Talking about the future (or lack of) for Smart TV, I said;

Today, a typical household might have;

  • TV (well, probably a couple — but ignoring secondary screens for the moment to try to simplify the picture…)
  • TV service (cable/satellite/terrestrial) - probably a separate set-top box (given that over half of the UK pays for subscription TV service.)
  • PVR (eg. Sky+/V+) for recording broadcast TV - two thirds of the UK have one (probably built into the TV set top box, or possibly as a separate VCR-like box — probably not built into the TV.)
  • DVD player/Blu-Ray player for watching pre-recorded films/video.
  • Games console (55% of households) — mainly for playing games, but often used to access online video services.
  • Some sort of dedicated 'Internet video' device (might be an Apple TV, Now TV, Roku etc. Might be a connected PC. Might even be more than one.)

Those last two are somewhat different to the others. 98% of UK households have a television set, and if you have a TV then you have some sort of TV service (whether free or paid.) If you have a PVR, then its probably come from your TV service provider, bundled with the package.

DVD/Blu-Ray players are another 'must-have' – whether its a low end DVD player, cheap enough to throw in with your supermarket shop, or a high end, high definition player to watch your favourite films in the best possible quality.

But games consoles – while popular – aren't for everyone. If you aren't interested in games, you probably don't have one in your house, and if you do you probably aren't too interested in the 'additional' features it offers – like watching online video.

Finally, the 'internet video device'. If you are interested in streaming films, setting up a Netflix subscription etc. then you're probably interested enough to get something to let you watch it on the big screen. But that's not 'mainstream' – if you're not interested in gadgets, you're probably not interested in finding the best box for your requirements. And even if you are, you might not be sufficiently motivated to go and spend the best part of £100 (or, to put it another way, more than a Blu-Ray player).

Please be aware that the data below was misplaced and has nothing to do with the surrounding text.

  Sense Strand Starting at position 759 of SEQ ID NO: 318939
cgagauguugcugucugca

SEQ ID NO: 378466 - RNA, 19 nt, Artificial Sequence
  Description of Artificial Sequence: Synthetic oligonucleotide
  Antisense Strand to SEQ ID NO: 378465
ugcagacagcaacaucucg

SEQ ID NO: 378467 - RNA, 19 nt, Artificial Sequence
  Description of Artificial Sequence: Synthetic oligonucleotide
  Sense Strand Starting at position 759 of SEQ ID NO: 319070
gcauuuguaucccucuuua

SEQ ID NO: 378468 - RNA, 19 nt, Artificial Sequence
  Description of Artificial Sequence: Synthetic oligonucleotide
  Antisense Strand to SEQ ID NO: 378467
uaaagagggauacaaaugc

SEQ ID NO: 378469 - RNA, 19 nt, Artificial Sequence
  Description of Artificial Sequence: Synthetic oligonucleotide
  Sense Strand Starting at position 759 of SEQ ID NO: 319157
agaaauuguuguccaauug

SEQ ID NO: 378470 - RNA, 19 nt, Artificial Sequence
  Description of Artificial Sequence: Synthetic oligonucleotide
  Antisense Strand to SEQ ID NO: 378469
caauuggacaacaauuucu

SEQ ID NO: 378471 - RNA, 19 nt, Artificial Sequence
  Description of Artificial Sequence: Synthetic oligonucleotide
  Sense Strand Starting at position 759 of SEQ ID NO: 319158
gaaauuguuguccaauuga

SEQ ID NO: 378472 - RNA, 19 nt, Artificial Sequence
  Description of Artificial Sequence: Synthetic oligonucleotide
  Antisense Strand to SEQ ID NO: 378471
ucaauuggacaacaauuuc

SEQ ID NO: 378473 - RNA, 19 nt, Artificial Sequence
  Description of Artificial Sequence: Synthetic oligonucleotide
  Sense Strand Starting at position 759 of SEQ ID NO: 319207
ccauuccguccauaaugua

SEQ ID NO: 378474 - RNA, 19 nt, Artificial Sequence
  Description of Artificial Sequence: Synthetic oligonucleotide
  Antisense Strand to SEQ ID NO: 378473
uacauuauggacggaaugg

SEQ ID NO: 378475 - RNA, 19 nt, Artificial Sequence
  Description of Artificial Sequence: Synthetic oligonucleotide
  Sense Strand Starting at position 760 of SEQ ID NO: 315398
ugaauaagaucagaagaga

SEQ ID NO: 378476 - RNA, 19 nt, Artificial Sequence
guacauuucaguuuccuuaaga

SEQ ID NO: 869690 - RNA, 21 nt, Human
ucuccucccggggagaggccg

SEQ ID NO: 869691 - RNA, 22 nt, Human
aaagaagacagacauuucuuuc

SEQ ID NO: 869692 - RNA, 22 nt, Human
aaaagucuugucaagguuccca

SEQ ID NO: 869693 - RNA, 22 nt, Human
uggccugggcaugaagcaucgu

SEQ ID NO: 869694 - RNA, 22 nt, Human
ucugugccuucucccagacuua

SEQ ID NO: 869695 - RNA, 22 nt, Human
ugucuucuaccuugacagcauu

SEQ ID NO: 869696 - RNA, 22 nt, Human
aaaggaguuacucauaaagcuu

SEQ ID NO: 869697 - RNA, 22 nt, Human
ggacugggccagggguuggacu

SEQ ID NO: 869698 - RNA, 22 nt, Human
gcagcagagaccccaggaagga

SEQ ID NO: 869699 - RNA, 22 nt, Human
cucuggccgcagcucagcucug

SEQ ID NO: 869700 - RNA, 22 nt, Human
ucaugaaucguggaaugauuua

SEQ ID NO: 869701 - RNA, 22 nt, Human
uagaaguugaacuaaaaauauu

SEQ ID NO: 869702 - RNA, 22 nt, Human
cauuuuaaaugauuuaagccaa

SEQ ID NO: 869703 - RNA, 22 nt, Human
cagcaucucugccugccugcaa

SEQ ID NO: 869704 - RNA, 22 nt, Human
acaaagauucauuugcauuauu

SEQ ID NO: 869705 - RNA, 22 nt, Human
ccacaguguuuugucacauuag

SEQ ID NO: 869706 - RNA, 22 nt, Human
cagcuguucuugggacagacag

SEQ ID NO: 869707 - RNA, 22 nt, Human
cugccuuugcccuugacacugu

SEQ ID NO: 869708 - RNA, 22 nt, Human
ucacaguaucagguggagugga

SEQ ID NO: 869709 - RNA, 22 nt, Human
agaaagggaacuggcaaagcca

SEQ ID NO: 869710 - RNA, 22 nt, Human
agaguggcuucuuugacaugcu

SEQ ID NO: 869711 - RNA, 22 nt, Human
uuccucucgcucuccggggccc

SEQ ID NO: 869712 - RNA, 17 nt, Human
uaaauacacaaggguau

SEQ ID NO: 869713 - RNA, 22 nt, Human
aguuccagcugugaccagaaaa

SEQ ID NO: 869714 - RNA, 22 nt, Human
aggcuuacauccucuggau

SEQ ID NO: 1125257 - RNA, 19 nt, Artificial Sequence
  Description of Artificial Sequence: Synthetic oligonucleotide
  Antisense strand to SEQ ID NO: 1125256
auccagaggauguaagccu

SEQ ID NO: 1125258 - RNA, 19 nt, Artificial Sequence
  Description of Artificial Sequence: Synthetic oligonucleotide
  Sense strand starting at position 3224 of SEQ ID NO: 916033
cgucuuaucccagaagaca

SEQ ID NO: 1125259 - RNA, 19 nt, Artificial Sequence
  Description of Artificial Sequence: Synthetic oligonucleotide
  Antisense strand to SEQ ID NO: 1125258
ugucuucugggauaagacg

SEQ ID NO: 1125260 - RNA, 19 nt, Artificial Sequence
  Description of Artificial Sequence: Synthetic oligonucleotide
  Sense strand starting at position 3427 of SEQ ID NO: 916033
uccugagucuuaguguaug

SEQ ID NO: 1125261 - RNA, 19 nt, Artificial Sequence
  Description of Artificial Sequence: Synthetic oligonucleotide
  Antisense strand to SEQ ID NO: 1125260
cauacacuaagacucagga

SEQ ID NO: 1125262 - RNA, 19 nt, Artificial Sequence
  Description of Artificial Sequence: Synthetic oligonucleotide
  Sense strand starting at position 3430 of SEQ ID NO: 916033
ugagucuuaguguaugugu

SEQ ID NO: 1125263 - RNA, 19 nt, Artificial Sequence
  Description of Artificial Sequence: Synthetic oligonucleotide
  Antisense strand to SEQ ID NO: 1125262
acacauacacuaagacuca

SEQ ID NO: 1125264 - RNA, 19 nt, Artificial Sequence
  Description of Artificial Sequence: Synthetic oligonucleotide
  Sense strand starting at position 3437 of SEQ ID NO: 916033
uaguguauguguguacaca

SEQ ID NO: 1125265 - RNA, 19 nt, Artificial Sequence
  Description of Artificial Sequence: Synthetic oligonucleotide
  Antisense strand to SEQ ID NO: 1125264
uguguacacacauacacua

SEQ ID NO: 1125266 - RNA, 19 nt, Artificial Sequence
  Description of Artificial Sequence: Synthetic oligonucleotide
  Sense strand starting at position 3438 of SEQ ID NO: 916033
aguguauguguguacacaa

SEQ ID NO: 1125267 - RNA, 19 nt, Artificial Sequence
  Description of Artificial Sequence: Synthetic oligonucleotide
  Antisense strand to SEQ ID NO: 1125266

Which is what makes Google's Chromecast such an interesting device. At just $35 in the US (about £21 equivalent), it plugs into your TV (and a power supply), connects to your home wifi network, and lets you stream video from your smartphone/tablet to your TV screen.1

And its UK launch is rumoured to be soon

For YouTube and Netflix, this is probably going to be great news (they are already supported in the US, and both go for a general strategy of ubiquitous availability.) Whether the UK's TV players will be bringing iPlayer, ITV Player and 4OD (especially the BBC) is what will be the make or break.

…Which leaves Sky. Their Now TV) box is just £9.99, and is being marketed as a way to access Sky's (subscription) TV services without a satellite dish. But it also has apps for iPlayer, 4OD, Spotify, Vimeo and a number of other online services – Netflix and YouTube conspicuous by their absence.

The thing is, these are two very similar pieces of technology with clearly very different functionality; one for putting online video on your TV, the other for giving you TV through online video. And while the price is low enough to make getting both quite affordable, there is the issue of having 2 spare HDMI sockets in your TV set.

But, for those not interested in shelling out for a Smart TV or sticking a games console into their living rooms, this should be an interesting and cheap way to get some online video onto their TV screen.

  1. At least, thats the illusion. In practice, the mobile device just tells the Chromecast what video to stream and where to pull it from – the phone doesn't actually do the work, which means its free to find the next video you want to watch.